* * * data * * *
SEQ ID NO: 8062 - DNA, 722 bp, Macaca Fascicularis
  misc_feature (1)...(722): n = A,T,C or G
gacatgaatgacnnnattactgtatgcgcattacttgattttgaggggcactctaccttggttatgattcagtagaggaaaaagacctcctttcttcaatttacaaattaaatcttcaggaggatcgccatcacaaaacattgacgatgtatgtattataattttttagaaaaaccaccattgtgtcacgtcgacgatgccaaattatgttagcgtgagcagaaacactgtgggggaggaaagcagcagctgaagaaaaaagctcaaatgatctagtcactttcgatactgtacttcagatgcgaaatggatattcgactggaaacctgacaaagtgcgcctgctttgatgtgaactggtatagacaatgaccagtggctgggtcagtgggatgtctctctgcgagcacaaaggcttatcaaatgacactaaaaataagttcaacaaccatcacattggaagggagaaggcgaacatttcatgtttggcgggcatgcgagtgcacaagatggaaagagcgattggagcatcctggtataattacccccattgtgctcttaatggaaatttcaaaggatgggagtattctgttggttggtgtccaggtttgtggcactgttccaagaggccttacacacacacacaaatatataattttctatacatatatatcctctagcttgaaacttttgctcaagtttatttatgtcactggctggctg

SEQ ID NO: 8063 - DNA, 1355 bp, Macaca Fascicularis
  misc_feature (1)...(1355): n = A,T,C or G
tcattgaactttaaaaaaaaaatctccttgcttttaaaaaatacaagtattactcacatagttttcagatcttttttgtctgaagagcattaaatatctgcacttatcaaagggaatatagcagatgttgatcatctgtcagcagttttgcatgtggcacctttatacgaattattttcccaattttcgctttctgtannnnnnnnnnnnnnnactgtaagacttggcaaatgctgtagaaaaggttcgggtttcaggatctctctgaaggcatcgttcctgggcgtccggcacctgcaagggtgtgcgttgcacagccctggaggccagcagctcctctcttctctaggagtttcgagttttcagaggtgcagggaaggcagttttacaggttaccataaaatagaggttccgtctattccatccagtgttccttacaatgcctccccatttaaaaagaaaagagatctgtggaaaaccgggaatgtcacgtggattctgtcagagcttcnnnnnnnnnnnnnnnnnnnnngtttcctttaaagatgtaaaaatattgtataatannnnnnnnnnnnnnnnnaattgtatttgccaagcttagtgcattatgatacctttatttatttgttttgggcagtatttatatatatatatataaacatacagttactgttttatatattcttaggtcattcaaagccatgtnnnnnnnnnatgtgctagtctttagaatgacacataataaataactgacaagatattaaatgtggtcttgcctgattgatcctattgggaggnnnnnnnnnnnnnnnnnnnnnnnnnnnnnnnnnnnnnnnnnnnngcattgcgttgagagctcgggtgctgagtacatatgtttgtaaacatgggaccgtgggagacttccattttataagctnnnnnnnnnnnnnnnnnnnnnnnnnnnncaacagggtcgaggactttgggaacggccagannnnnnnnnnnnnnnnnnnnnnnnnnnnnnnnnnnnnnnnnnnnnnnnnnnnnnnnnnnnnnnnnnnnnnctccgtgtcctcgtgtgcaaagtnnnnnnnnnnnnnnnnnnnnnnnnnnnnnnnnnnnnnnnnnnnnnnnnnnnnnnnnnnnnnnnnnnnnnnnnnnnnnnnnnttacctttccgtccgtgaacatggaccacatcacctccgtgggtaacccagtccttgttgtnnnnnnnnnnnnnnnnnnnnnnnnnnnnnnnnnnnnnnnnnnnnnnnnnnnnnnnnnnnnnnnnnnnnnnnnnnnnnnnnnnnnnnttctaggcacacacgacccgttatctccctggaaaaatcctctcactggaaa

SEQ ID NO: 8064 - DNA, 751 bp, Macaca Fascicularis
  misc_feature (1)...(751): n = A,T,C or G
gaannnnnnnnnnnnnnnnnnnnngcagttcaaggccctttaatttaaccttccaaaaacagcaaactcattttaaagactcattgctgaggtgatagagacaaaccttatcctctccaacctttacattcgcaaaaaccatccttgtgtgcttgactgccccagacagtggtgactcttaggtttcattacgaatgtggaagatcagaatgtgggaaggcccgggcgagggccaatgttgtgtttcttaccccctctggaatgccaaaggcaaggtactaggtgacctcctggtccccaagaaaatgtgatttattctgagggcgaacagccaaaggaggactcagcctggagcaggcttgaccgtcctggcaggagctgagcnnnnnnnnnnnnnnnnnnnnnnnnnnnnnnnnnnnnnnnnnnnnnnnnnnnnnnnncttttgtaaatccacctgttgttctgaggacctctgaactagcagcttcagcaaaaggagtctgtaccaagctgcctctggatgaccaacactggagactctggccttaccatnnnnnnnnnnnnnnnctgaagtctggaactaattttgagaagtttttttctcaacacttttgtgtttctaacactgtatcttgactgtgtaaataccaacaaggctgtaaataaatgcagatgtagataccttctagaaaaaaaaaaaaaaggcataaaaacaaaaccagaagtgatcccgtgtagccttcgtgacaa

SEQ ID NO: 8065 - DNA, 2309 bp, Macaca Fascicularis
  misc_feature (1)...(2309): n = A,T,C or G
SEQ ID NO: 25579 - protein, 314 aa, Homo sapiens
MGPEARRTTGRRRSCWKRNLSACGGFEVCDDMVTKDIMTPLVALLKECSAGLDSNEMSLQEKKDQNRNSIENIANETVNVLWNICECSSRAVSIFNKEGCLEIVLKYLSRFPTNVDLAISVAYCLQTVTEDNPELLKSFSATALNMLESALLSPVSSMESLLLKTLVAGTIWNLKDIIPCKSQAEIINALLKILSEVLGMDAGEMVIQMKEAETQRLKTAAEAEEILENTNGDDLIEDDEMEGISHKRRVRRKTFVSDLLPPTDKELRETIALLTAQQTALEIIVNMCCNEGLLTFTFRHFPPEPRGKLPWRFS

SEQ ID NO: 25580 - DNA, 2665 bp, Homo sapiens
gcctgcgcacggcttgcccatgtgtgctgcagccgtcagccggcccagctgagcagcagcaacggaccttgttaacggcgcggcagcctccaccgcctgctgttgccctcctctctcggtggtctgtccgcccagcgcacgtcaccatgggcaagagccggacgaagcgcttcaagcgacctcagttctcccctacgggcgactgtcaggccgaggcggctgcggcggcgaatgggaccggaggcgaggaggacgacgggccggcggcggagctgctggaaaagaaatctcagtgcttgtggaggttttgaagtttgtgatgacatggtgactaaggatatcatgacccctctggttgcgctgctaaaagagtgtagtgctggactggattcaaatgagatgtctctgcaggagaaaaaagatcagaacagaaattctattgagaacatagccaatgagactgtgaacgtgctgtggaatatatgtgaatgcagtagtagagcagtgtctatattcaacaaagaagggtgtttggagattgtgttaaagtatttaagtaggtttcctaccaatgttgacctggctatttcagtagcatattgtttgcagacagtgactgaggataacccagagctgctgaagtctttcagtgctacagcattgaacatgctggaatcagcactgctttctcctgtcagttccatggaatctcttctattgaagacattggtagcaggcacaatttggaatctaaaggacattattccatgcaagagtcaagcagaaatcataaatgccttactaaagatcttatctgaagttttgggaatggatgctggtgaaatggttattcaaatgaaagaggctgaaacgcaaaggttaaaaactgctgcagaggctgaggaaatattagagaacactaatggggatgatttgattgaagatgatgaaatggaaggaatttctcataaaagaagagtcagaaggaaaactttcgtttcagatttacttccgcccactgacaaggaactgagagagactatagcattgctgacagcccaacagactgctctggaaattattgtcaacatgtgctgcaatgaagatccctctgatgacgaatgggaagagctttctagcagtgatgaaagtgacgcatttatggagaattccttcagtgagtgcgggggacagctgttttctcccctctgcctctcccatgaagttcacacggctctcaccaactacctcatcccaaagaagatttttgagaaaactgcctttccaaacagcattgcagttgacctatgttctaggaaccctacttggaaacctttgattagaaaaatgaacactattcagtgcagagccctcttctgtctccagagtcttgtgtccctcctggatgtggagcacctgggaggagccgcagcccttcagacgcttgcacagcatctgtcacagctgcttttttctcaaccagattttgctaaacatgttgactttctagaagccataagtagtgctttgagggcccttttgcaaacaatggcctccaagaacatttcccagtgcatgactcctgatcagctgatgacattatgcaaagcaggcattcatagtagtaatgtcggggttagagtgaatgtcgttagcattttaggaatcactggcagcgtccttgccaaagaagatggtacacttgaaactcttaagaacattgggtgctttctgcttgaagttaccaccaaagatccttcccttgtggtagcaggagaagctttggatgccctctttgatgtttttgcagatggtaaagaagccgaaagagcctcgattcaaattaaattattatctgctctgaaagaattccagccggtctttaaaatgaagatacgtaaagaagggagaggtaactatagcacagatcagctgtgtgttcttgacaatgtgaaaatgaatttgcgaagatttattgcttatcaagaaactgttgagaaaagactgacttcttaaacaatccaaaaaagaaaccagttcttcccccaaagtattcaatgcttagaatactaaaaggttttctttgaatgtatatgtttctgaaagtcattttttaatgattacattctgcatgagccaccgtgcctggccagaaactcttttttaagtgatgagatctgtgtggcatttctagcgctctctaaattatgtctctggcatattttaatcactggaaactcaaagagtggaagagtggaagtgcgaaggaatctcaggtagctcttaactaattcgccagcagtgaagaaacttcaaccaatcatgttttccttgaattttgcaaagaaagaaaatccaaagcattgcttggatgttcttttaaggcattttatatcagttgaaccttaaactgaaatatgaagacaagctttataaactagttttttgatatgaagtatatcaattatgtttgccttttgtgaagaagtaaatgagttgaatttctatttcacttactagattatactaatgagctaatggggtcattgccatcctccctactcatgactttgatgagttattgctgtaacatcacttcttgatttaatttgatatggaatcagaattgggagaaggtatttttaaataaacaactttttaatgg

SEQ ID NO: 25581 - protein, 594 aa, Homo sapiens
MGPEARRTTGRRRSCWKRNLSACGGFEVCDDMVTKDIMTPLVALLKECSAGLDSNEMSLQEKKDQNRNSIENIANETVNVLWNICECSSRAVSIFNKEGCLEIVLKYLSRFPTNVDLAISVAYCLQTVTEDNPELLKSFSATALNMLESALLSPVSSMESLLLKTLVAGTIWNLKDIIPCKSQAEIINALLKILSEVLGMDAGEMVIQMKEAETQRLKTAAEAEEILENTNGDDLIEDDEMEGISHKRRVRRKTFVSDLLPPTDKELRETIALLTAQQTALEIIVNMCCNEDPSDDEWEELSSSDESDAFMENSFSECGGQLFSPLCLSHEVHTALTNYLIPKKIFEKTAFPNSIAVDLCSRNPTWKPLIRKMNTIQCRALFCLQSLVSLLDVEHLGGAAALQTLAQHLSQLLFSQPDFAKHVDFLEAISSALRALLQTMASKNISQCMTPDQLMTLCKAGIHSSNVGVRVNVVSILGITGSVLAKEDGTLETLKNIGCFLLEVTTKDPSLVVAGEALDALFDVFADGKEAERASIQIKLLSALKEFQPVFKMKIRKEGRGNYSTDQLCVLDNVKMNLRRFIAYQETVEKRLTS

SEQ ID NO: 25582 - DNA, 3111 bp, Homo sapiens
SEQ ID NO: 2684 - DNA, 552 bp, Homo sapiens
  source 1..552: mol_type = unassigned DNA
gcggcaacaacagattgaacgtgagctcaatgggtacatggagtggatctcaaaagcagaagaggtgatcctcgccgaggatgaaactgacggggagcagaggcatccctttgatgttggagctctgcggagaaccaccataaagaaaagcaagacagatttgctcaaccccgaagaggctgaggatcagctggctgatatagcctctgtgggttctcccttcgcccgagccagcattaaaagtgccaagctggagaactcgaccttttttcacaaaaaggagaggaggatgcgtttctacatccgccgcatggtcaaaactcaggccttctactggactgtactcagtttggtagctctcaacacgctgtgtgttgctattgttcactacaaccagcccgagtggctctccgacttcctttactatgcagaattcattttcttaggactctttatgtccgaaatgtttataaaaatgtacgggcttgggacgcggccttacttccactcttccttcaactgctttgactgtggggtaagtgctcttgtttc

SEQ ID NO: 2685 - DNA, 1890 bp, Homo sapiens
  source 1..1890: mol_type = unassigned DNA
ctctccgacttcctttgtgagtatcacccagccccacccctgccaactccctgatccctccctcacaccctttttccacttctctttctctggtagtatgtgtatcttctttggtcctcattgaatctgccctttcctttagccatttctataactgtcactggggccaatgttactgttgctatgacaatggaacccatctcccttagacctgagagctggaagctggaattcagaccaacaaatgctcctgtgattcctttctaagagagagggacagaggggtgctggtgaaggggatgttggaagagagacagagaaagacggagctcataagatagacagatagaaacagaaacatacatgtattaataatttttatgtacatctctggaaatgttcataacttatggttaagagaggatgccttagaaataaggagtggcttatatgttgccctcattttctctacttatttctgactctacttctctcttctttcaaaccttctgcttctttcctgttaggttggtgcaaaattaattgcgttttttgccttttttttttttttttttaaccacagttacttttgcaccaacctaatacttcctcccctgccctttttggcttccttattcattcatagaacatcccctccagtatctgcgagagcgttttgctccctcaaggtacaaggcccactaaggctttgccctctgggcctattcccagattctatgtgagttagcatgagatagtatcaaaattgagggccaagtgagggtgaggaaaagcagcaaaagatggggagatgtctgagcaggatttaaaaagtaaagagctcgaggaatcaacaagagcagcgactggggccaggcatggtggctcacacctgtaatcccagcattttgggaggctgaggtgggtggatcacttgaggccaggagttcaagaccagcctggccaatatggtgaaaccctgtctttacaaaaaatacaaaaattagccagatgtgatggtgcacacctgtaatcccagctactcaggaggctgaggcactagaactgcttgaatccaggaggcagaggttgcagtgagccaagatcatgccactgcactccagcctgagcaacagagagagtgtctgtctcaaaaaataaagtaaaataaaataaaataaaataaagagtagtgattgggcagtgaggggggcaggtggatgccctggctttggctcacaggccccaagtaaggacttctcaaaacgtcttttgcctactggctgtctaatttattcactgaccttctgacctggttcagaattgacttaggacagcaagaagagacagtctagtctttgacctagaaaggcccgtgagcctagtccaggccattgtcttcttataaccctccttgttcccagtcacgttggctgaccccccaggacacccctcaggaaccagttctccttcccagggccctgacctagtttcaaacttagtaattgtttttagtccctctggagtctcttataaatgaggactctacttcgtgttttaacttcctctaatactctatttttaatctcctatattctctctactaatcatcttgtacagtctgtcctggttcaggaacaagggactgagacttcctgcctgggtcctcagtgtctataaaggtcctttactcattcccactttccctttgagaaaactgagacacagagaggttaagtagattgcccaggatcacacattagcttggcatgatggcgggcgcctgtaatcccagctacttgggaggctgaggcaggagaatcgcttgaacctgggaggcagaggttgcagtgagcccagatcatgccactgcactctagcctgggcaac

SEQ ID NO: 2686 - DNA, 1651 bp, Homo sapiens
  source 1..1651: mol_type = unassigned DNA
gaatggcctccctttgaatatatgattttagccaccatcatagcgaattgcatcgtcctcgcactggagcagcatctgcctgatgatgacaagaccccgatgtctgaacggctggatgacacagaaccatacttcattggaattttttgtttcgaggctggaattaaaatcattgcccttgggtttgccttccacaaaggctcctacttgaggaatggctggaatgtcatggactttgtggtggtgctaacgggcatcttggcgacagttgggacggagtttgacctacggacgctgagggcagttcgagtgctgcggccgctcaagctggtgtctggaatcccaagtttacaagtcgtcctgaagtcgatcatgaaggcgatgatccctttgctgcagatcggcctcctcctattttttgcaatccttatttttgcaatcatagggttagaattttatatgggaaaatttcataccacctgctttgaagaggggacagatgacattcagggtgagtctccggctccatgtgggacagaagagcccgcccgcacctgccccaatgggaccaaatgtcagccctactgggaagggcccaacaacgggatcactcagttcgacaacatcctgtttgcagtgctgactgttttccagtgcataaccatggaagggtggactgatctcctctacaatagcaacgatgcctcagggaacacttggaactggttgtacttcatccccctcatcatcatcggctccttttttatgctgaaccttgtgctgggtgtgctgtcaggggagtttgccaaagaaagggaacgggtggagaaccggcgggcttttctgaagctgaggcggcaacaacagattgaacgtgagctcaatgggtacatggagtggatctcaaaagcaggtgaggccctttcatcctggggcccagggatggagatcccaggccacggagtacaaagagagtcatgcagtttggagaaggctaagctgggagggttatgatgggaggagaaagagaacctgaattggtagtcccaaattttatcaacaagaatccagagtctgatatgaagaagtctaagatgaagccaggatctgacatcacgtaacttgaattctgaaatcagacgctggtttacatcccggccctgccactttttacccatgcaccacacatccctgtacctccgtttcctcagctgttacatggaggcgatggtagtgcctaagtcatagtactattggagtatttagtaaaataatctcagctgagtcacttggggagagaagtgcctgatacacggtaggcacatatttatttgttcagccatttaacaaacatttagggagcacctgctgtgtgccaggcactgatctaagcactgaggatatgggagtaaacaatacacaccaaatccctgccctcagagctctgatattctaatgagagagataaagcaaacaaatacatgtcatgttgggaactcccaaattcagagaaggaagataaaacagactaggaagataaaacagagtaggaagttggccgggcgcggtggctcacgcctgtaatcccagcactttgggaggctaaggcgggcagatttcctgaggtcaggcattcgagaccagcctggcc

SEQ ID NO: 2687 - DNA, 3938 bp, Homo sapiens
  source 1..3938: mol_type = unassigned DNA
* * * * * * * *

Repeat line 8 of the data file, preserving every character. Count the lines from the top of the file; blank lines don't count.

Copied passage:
  misc_feature (1)...(751): n = A,T,C or G